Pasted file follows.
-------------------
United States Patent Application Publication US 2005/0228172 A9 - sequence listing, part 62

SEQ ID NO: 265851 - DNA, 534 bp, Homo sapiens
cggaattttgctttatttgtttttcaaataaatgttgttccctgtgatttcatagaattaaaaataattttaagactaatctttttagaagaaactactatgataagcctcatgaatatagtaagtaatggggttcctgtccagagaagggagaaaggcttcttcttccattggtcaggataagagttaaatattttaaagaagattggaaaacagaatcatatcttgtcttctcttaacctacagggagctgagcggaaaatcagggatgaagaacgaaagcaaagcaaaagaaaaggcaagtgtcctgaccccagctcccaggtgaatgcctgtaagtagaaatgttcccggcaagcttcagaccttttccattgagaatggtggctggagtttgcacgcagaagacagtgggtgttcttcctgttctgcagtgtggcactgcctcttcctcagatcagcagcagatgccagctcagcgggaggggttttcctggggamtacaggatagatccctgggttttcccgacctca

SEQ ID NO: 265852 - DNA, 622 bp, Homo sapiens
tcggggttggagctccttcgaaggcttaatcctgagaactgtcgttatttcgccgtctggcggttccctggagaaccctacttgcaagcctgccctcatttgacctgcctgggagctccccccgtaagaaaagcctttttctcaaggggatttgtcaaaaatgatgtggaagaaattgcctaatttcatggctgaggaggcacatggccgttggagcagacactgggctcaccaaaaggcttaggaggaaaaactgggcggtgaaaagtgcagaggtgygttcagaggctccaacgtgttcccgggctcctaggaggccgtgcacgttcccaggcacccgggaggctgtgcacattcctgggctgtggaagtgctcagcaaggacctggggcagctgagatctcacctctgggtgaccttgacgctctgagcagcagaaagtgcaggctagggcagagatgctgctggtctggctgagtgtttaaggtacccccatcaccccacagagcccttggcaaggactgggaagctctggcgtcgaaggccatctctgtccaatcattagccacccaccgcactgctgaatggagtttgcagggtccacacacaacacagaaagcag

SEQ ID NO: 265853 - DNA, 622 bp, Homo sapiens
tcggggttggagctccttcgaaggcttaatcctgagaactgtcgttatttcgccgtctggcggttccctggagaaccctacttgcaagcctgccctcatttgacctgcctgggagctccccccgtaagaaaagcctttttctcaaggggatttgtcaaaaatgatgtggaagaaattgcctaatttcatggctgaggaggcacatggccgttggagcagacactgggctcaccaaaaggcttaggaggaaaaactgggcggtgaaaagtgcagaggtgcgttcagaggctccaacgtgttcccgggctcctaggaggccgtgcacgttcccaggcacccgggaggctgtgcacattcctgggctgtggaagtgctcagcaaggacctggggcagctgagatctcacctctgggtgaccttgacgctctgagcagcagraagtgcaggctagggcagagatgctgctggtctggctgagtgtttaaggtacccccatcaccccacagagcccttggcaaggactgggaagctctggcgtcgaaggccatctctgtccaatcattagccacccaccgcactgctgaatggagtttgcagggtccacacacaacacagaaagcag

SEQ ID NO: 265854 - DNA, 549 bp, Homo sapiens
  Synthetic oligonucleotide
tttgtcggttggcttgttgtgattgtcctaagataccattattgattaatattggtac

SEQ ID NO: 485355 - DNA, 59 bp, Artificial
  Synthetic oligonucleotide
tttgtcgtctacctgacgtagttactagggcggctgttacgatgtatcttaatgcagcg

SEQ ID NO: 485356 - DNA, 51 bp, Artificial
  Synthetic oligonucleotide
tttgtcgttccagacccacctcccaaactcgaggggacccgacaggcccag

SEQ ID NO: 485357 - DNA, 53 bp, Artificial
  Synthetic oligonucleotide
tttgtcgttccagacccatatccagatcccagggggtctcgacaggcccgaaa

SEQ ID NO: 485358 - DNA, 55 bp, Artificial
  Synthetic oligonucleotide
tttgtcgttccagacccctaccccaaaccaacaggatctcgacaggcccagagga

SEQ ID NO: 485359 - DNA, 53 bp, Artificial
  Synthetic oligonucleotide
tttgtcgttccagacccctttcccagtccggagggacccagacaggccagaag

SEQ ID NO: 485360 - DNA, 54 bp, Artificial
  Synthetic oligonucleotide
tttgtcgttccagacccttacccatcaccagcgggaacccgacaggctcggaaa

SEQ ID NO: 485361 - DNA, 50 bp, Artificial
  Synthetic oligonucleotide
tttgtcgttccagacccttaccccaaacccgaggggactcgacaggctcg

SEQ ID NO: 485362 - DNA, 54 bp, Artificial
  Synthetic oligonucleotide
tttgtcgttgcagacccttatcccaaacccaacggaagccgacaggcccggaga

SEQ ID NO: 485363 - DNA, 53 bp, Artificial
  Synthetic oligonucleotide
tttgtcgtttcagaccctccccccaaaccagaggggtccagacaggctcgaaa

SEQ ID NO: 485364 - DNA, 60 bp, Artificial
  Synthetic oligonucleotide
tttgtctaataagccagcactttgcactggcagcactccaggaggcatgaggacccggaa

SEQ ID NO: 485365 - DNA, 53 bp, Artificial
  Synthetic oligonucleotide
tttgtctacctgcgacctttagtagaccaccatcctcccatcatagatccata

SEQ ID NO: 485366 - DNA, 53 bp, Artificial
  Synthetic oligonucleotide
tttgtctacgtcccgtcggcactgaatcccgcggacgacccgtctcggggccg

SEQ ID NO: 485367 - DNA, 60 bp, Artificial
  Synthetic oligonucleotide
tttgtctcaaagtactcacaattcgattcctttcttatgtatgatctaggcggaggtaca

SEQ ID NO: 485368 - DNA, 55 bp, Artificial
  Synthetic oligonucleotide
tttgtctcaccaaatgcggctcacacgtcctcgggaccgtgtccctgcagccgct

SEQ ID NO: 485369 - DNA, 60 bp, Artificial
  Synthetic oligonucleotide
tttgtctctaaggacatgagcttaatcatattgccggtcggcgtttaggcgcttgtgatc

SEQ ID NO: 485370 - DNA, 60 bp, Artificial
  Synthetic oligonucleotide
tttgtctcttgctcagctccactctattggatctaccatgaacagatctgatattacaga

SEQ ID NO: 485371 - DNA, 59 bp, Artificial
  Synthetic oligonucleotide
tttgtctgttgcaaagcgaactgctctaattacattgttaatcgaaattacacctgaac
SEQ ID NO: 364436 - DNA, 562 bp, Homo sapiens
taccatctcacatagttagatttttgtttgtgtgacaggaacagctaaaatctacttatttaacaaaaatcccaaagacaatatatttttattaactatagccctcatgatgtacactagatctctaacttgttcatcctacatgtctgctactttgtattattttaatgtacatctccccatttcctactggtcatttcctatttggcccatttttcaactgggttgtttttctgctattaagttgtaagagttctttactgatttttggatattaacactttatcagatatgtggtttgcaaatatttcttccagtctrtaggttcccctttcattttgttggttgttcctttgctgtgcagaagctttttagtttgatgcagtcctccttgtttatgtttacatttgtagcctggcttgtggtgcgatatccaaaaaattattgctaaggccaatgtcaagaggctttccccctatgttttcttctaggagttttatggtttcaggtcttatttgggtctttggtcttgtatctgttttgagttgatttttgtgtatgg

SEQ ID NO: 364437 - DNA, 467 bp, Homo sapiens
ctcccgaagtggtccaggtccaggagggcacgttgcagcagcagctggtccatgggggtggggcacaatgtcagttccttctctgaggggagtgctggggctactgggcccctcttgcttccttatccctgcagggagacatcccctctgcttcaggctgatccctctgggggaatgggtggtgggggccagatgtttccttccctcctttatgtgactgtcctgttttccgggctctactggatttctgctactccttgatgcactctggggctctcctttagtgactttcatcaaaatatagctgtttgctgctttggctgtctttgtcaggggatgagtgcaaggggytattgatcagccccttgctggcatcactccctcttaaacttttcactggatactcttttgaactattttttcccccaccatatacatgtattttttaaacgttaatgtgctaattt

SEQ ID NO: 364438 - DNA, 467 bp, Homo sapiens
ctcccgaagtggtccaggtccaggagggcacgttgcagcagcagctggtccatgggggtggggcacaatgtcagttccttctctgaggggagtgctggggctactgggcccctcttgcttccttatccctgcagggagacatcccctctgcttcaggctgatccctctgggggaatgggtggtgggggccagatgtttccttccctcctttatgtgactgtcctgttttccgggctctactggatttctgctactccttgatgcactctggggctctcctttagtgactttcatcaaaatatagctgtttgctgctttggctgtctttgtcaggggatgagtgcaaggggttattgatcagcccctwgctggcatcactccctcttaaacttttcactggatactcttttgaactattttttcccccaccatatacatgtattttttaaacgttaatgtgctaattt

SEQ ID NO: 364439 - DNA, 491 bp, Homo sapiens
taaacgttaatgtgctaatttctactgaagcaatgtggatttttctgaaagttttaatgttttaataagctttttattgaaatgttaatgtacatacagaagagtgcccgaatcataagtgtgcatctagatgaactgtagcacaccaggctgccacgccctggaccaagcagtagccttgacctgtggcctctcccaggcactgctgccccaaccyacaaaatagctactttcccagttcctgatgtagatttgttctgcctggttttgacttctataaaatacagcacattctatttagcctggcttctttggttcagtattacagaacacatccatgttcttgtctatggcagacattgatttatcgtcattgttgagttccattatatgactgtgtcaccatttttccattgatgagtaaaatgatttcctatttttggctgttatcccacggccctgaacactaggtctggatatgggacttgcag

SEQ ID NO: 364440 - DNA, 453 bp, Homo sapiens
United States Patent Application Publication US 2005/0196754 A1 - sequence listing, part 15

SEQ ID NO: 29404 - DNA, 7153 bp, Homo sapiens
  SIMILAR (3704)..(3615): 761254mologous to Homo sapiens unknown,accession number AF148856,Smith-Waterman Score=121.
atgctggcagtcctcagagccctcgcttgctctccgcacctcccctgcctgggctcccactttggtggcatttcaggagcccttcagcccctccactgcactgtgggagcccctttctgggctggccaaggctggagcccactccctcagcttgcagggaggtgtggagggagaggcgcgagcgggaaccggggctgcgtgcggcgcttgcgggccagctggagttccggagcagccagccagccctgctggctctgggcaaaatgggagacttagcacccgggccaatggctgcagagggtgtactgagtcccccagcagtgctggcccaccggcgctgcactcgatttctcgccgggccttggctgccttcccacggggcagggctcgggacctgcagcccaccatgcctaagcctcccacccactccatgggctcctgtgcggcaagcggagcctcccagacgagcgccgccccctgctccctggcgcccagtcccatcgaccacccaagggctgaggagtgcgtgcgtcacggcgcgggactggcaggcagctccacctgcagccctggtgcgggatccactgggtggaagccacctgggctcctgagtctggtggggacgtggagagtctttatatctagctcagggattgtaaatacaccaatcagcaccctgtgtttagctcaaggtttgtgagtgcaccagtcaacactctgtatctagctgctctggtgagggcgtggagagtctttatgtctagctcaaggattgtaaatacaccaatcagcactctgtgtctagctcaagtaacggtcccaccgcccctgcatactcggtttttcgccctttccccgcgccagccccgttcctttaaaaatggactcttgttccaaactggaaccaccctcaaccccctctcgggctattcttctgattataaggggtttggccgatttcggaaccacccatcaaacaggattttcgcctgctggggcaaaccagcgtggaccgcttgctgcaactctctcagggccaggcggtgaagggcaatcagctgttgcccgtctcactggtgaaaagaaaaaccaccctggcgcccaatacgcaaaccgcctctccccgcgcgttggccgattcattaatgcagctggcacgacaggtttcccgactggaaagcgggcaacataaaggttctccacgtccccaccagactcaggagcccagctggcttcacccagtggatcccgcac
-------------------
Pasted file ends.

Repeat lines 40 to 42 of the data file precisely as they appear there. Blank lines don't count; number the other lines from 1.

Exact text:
tttgtctaataagccagcactttgcactggcagcactccaggaggcatgaggacccggaa

SEQ ID NO: 485365 - DNA, 53 bp, Artificial
  Synthetic oligonucleotide